Au­di­ence fair game in show

The Southland Times - - Front Page -

Ever have those weeks where it all just gets to be a bit much and the end of the week isn’t even in sight yet? Stress, both phys­i­cal and men­tal, has a lot to an­swer for, my friends.

It gives you wrin­kles, acne, high blood pres­sure, car­diac ar­rhyth­mia and a whole slew of other nasty things.

It can also gen­er­ally make you a bit of a prat to be around (don’t be that guy).

Yay life.

What I’m say­ing is that stress can quite lit­er­ally kill you, so it’s im­por­tant we have reg­u­lar in­ter­vals in our lives where stress doesn’t ex­ist.

Work can be stress­ful, home life can be stress­ful, kids can be stress­ful. Heck even cats can be stress­ful.

Yes, I know that last one sounds a bit ridicu­lous, but when you’re rush­ing out the door to work and you put your shoes on hastily, only to find that your jerk of a cat has vom­ited in them (OMG se­ri­ously what is my life), then that can make you a lit­tle bit stressed.

Es­pe­cially if it’s same rude cat that vom­ited in your car­rot seedling last month that you’d been try­ing to grow for three weeks (a dis­gust­ing, but true story).

Cat puke aside, I’ve had a few things on my mind in past few weeks and while it’s not caus­ing any danger­ous lev­els of stress, it’s still no­tice­able.

But in a mo­ment of ra­tio­nal­ity, I de­cided that some­thing had to give; I was stressed about sev­eral things, but what could I do about some of those things?

A whole lot of noth­ing, that’s what.

Yes, stress has a lot to an­swer for, but how much of that are we putting on our­selves?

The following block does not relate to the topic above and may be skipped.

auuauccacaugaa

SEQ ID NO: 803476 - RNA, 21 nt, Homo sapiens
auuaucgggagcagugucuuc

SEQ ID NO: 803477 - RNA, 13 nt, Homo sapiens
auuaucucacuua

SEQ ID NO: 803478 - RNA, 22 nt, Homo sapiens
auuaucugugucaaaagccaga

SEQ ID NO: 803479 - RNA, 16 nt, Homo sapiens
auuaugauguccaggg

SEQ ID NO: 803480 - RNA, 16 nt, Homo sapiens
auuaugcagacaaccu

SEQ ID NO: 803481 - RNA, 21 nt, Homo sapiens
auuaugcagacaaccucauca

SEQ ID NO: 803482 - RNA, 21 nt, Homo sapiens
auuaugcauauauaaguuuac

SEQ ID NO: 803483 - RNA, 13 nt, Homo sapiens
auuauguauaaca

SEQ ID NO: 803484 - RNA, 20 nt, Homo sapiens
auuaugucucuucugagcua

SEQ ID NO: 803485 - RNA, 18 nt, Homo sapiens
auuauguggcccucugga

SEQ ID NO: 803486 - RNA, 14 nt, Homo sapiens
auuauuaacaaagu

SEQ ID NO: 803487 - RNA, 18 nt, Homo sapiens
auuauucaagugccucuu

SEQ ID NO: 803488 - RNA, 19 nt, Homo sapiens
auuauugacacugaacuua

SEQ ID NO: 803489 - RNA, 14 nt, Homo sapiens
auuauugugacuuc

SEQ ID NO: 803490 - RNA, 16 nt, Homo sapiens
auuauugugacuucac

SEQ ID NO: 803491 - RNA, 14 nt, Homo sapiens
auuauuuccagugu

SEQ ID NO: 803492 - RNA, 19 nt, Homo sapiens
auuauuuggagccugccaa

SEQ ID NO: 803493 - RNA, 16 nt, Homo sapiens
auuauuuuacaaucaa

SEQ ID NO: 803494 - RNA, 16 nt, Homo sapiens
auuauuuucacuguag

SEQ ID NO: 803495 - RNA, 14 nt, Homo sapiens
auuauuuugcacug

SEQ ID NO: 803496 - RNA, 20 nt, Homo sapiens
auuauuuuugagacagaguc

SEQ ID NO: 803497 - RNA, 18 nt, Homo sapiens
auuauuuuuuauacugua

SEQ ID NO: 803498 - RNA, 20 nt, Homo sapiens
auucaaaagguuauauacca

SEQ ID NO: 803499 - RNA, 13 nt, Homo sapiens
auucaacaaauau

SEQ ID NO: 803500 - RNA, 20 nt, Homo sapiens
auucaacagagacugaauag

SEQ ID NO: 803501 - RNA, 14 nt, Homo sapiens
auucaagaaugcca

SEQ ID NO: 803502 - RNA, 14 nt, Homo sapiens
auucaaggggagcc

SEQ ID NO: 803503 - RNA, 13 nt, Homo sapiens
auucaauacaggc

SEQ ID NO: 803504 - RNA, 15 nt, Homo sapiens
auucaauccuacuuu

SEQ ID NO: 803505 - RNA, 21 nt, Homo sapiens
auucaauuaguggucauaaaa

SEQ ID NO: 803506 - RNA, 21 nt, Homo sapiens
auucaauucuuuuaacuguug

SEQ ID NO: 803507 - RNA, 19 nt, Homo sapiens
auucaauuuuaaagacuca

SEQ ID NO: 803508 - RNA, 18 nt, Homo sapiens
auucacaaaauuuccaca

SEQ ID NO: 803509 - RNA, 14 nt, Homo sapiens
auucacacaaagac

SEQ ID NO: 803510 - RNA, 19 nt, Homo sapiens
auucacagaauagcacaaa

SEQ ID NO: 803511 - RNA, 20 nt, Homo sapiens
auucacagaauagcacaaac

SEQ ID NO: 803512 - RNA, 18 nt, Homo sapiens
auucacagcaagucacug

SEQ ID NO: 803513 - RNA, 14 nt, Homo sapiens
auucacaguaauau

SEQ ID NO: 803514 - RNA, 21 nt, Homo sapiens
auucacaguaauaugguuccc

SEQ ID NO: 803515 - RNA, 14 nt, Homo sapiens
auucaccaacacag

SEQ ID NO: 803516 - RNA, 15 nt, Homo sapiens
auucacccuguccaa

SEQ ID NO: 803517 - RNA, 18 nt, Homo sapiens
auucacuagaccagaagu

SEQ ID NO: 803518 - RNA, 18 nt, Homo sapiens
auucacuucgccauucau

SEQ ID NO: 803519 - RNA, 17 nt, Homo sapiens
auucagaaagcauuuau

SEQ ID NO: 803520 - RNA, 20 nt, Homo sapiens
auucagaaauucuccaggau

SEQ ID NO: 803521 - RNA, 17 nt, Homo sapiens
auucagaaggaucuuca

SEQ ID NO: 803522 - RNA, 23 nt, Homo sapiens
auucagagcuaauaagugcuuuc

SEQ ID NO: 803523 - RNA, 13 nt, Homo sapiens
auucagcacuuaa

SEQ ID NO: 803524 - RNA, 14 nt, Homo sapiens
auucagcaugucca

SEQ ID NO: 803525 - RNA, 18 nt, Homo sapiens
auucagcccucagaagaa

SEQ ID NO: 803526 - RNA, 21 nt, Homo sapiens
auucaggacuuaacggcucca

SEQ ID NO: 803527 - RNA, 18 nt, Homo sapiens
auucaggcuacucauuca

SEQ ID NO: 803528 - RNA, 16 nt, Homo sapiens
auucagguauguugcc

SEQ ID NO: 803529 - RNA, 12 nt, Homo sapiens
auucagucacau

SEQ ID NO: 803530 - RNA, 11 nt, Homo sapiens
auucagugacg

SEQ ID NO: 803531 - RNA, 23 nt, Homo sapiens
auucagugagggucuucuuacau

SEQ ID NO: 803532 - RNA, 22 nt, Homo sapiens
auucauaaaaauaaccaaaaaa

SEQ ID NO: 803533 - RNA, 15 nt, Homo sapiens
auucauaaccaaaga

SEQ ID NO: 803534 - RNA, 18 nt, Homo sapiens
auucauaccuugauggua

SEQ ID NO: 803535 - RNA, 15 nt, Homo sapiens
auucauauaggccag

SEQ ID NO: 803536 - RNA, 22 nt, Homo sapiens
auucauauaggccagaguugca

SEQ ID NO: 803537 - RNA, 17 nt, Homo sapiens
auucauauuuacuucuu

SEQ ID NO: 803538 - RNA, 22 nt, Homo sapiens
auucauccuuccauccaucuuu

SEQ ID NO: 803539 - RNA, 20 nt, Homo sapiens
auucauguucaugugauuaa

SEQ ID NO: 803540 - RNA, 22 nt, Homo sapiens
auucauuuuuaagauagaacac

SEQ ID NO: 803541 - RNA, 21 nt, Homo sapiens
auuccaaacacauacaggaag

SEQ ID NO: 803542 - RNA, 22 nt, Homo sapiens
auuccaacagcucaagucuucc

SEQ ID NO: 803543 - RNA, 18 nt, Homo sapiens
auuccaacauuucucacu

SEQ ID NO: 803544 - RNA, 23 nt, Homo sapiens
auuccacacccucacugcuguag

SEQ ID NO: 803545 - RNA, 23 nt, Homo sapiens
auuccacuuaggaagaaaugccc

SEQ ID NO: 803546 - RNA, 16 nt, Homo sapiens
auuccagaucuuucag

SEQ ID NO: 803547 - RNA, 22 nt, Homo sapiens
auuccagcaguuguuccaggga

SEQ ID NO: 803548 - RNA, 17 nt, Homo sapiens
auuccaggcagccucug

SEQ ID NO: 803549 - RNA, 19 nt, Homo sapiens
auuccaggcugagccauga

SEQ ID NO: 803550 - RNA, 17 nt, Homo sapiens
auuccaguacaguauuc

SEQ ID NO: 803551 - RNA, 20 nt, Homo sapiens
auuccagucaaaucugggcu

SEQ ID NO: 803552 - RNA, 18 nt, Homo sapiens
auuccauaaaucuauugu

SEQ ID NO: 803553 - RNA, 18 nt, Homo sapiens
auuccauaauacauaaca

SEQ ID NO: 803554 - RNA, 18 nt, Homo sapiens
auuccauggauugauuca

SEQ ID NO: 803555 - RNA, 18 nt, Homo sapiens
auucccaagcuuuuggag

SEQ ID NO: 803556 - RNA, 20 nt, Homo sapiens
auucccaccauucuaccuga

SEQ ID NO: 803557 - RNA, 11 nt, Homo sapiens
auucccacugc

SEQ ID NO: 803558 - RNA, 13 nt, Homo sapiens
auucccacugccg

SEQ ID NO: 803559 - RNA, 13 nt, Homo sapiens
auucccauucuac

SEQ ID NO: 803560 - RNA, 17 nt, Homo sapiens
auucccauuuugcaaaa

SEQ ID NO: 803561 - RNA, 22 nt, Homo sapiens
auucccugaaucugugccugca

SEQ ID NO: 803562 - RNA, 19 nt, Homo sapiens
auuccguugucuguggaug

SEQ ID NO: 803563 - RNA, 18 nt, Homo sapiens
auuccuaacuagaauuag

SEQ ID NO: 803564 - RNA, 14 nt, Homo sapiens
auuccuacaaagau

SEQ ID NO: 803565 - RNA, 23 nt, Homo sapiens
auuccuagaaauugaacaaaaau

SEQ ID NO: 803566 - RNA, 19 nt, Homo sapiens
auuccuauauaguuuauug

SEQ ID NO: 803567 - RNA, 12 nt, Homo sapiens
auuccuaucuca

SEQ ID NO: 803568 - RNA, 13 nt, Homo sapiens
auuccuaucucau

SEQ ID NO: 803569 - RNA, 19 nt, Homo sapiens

Think about it: that thing that is caus­ing you ma­jor anx­i­ety – do you ac­tu­ally have any con­trol over it?

If the an­swer is no, then let me give you some rad­i­cal ad­vice: let it go (or try).

Now, I’m not obliv­i­ous to the fact that this is much eas­ier said than done, and there are sim­ply some things that can­not be let go.

But some­times it could be some­thing as sim­ple as leav­ing a room to get out of the headspace you’ve been in for the past two hours.

Maybe even try say­ing what it is you’re stressed about out loud – you’d be sur­prised how in­signif­i­cant and maybe even silly it might sound when you speak words to it.

Or maybe take a nap from all your re­spon­si­bil­i­ties, even if it’s just for half an hour (friendly PSA, do not do this at work).

OK, prob­a­bly not that last one, but univer­sity Briar would have ar­gued that point un­til she was blue in the face.

The Min­istry of Health’s web­site says we all need a bit of stress in our lives to stay healthy. They’re not wrong; it’s im­por­tant we know how to func­tion un­der pres­sure.

But al­le­vi­at­ing stress is also im­por­tant. I read a brochure from the Men­tal Health Foun­da­tion the other day that sug­gested cre­at­ing a har­mo­nious work environment could be ben­e­fi­cial for manag­ing stress.

‘‘Or­gan­ise your workspace; have some flow­ers in your of­fice; check your light source,’’ it said.

Ba­si­cally I’ve in­ter­preted this as a fan­tas­tic ex­cuse to give my­self flow­ers ev­ery week (good Lord, could I be more sin­gle).

So, if you think you may have a bit more on your plate than what could be con­sid­ered rea­son­able stress, let me make some sug­ges­tions.

Here’s a list of things where stress doesn’t ex­ist: the sa­lon where you get mas­sages, spa baths, the tast­ing area at winer­ies, Dis­ney­land.